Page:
In industry and medicine, when we need to work with radiation the guiding concept for exposure is "ALARA" which stands for As Low As Reasonably Achievable. The tools to accomplish this are Time, Distance and Shielding.  So for those that want to minimize their exposure to the (sometimes quite significant) radiation coming from old lumed hands and dials, those concepts can be used. Keeping it outside of your body is the first concern (there would then be zero distance) so masks, gloves, disposable plastic drapes, etc. are useful as mentioned in posts above.  Keeping things damp can minimize contaminated dust generation, so if you are sanding or scraping off old lume, keep the tools and parts wet.  But even then, there is radiation being emanated from lume even in a closed watch or a sealed bag of hands, so precautions shouldn't stop there.

Doing things quickly, and maybe not using your "hottest" vintage watch as a daily wear item can leverage the time aspect. Thought of in this way, you can find other ways to avoid prolonged exposure, such as not storing your stash of old hands in the drawer right below the working surface you spend hours hovering over.  I do think it's a good idea for everyone working in this area to have one of the inexpensive radiation meters - you can't balance the risks if you don't know the relative magnitude of what you are working with.

There is another wrinkle - Radon (a radioactive gas) is generated as radium decays, and one study found that a collection of a dozen or so radioactive watches in a poorly ventilated area could lead to elevated radon levels, so how and where you store hot materials can also take that into consideration.

Really appreciated Geotex. Very sensible attitude 👍

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6 hours ago, mikepilk said:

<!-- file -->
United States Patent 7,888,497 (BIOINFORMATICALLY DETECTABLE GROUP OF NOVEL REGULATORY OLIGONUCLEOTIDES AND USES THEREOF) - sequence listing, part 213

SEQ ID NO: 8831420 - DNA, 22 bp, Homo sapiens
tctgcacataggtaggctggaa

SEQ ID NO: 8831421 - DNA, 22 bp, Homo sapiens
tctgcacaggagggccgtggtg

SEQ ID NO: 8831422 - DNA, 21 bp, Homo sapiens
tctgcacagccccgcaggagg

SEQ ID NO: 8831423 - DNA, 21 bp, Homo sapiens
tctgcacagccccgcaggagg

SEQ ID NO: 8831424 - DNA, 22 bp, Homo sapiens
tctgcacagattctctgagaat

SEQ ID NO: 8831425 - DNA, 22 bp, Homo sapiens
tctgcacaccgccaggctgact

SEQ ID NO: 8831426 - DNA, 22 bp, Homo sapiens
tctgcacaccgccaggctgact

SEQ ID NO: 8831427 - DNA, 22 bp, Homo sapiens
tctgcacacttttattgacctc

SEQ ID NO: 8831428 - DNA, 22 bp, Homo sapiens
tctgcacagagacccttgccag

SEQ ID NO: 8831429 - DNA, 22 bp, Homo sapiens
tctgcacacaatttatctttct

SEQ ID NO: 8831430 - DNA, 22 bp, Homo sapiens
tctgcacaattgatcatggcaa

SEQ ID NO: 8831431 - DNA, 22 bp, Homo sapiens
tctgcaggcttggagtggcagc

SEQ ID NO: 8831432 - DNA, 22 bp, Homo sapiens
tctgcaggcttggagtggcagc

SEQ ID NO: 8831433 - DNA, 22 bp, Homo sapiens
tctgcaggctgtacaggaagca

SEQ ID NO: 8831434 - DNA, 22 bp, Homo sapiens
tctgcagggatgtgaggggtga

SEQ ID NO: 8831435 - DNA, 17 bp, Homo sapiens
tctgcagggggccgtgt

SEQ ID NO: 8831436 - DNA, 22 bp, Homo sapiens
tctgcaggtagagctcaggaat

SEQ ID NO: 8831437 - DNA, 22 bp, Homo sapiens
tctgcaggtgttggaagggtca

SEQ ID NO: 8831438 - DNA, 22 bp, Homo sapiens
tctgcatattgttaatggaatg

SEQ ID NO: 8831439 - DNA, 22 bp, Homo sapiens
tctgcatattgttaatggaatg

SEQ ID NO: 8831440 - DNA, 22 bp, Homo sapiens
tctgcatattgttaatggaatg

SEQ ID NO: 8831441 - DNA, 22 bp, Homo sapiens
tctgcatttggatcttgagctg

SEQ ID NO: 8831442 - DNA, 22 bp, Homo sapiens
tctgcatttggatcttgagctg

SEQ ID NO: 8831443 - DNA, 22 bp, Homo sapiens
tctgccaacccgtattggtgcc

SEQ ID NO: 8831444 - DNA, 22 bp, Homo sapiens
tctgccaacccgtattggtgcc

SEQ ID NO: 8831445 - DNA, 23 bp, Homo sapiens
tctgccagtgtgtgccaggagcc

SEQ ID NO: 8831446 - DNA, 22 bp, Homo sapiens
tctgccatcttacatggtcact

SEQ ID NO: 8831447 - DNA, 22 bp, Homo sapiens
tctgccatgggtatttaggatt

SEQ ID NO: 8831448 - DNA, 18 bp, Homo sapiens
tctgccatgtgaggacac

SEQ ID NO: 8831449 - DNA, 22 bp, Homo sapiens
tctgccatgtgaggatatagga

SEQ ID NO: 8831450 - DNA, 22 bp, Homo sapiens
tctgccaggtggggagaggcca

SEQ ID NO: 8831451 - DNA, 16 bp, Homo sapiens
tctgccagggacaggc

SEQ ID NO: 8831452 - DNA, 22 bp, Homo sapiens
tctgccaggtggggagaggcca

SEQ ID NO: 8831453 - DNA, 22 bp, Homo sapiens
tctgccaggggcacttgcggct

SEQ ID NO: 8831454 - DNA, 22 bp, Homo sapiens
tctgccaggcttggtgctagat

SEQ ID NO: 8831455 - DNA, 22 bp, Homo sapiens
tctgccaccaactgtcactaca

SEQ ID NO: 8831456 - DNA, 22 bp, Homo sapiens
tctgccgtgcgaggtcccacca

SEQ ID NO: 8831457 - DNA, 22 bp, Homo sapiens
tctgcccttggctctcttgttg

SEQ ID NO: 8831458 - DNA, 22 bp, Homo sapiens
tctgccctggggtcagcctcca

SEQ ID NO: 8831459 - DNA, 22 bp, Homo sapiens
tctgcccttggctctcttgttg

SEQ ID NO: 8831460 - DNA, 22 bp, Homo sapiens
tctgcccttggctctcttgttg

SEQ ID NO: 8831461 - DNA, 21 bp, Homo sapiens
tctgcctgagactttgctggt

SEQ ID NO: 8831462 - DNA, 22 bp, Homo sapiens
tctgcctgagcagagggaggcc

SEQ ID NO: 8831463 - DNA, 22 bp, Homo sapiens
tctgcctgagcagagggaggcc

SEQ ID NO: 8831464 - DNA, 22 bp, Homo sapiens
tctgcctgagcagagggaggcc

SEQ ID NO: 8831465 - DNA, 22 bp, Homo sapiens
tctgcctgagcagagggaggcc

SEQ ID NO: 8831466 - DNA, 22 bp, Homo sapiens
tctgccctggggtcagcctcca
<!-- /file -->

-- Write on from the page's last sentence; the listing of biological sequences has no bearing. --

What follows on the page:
radioactive materials

See if you can get Nucejoe To join in this conversation as he may have the knowledge you seek. I'm going by memory of something that he once said in the group.

5 hours ago, mikepilk said:

(Not sure if the radon can get through plastic bags?)

The probably depends on how well your plastic bag is sealed. 

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6 hours ago, mikepilk said:

The only radium watch I keep (1940's Universal Geneve) records about 0.9 micro Sv/h at the crystal, but this drops to background just a few inches away. Aware of the Radon danger, I keep it in an airtight plastic bag, and open it outside. (Not sure if the radon can get through plastic bags?)

Radon membranes and dpcs  have been used in modern house building and extensions for quite a few years now. Similar to visqueen sheet barriers with added polymer layers. Areas known to have a certain percentage of house contamination of ground radon gas the building regs require these barriers to be installed. Traditional vented sub floors once used didnt require these measures ( my much prefered method of house building also ) Apparently around 1000 deaths a year are estimated due to lung cancer caused by radon gas. Next time you're passing a new building site, drop by and ask if they have some radon membrane going spare, used to be green , i assume it still is.  Make a few small baggies for containing anything that has lume and seal with radon tape, when opening do it outside.  Over the top ? 🤔🤷‍♂️, does it matter if it is ? I know that my health is worth a lot more than any small amount of effort to preserve it.